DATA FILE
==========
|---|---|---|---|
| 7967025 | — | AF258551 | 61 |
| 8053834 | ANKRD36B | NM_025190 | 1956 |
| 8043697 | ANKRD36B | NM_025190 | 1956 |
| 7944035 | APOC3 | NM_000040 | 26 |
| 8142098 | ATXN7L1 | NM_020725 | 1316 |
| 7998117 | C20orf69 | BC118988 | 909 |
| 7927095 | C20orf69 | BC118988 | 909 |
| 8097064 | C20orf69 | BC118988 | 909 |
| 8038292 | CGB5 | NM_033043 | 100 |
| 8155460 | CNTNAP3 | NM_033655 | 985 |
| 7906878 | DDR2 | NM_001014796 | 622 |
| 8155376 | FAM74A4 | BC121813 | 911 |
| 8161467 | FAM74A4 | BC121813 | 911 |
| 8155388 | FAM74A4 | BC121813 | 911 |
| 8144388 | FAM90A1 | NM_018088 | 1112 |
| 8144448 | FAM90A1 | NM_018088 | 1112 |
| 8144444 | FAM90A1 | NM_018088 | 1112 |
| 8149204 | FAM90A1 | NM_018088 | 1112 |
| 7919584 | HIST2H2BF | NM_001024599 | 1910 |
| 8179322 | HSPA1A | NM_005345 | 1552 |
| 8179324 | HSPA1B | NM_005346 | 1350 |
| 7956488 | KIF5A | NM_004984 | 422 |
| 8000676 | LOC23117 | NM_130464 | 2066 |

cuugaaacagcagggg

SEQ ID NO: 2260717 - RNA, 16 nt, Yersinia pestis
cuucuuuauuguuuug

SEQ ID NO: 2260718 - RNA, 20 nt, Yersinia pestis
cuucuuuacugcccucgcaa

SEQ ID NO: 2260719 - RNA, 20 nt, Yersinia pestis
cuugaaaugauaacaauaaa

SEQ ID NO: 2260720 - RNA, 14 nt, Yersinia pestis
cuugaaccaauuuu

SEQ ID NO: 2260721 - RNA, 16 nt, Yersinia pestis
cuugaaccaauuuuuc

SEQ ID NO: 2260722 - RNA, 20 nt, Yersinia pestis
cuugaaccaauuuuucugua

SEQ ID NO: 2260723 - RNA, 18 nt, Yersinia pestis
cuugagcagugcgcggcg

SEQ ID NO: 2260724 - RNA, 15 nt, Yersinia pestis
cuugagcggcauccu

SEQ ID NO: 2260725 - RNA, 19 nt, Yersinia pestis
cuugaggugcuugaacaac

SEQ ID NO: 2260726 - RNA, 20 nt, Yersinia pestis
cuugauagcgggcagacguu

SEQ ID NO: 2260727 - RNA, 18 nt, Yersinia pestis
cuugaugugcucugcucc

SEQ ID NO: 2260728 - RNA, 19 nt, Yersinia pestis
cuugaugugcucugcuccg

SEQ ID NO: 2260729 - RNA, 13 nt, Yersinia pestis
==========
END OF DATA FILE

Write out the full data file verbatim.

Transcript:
|---|---|---|---|
| 7967025 | — | AF258551 | 61 |
| 8053834 | ANKRD36B | NM_025190 | 1956 |
| 8043697 | ANKRD36B | NM_025190 | 1956 |
| 7944035 | APOC3 | NM_000040 | 26 |
| 8142098 | ATXN7L1 | NM_020725 | 1316 |
| 7998117 | C20orf69 | BC118988 | 909 |
| 7927095 | C20orf69 | BC118988 | 909 |
| 8097064 | C20orf69 | BC118988 | 909 |
| 8038292 | CGB5 | NM_033043 | 100 |
| 8155460 | CNTNAP3 | NM_033655 | 985 |
| 7906878 | DDR2 | NM_001014796 | 622 |
| 8155376 | FAM74A4 | BC121813 | 911 |
| 8161467 | FAM74A4 | BC121813 | 911 |
| 8155388 | FAM74A4 | BC121813 | 911 |
| 8144388 | FAM90A1 | NM_018088 | 1112 |
| 8144448 | FAM90A1 | NM_018088 | 1112 |
| 8144444 | FAM90A1 | NM_018088 | 1112 |
| 8149204 | FAM90A1 | NM_018088 | 1112 |
| 7919584 | HIST2H2BF | NM_001024599 | 1910 |
| 8179322 | HSPA1A | NM_005345 | 1552 |
| 8179324 | HSPA1B | NM_005346 | 1350 |
| 7956488 | KIF5A | NM_004984 | 422 |
| 8000676 | LOC23117 | NM_130464 | 2066 |

cuugaaacagcagggg

SEQ ID NO: 2260717 - RNA, 16 nt, Yersinia pestis
cuucuuuauuguuuug

SEQ ID NO: 2260718 - RNA, 20 nt, Yersinia pestis
cuucuuuacugcccucgcaa

SEQ ID NO: 2260719 - RNA, 20 nt, Yersinia pestis
cuugaaaugauaacaauaaa

SEQ ID NO: 2260720 - RNA, 14 nt, Yersinia pestis
cuugaaccaauuuu

SEQ ID NO: 2260721 - RNA, 16 nt, Yersinia pestis
cuugaaccaauuuuuc

SEQ ID NO: 2260722 - RNA, 20 nt, Yersinia pestis
cuugaaccaauuuuucugua

SEQ ID NO: 2260723 - RNA, 18 nt, Yersinia pestis
cuugagcagugcgcggcg

SEQ ID NO: 2260724 - RNA, 15 nt, Yersinia pestis
cuugagcggcauccu

SEQ ID NO: 2260725 - RNA, 19 nt, Yersinia pestis
cuugaggugcuugaacaac

SEQ ID NO: 2260726 - RNA, 20 nt, Yersinia pestis
cuugauagcgggcagacguu

SEQ ID NO: 2260727 - RNA, 18 nt, Yersinia pestis
cuugaugugcucugcucc

SEQ ID NO: 2260728 - RNA, 19 nt, Yersinia pestis
cuugaugugcucugcuccg

SEQ ID NO: 2260729 - RNA, 13 nt, Yersinia pestis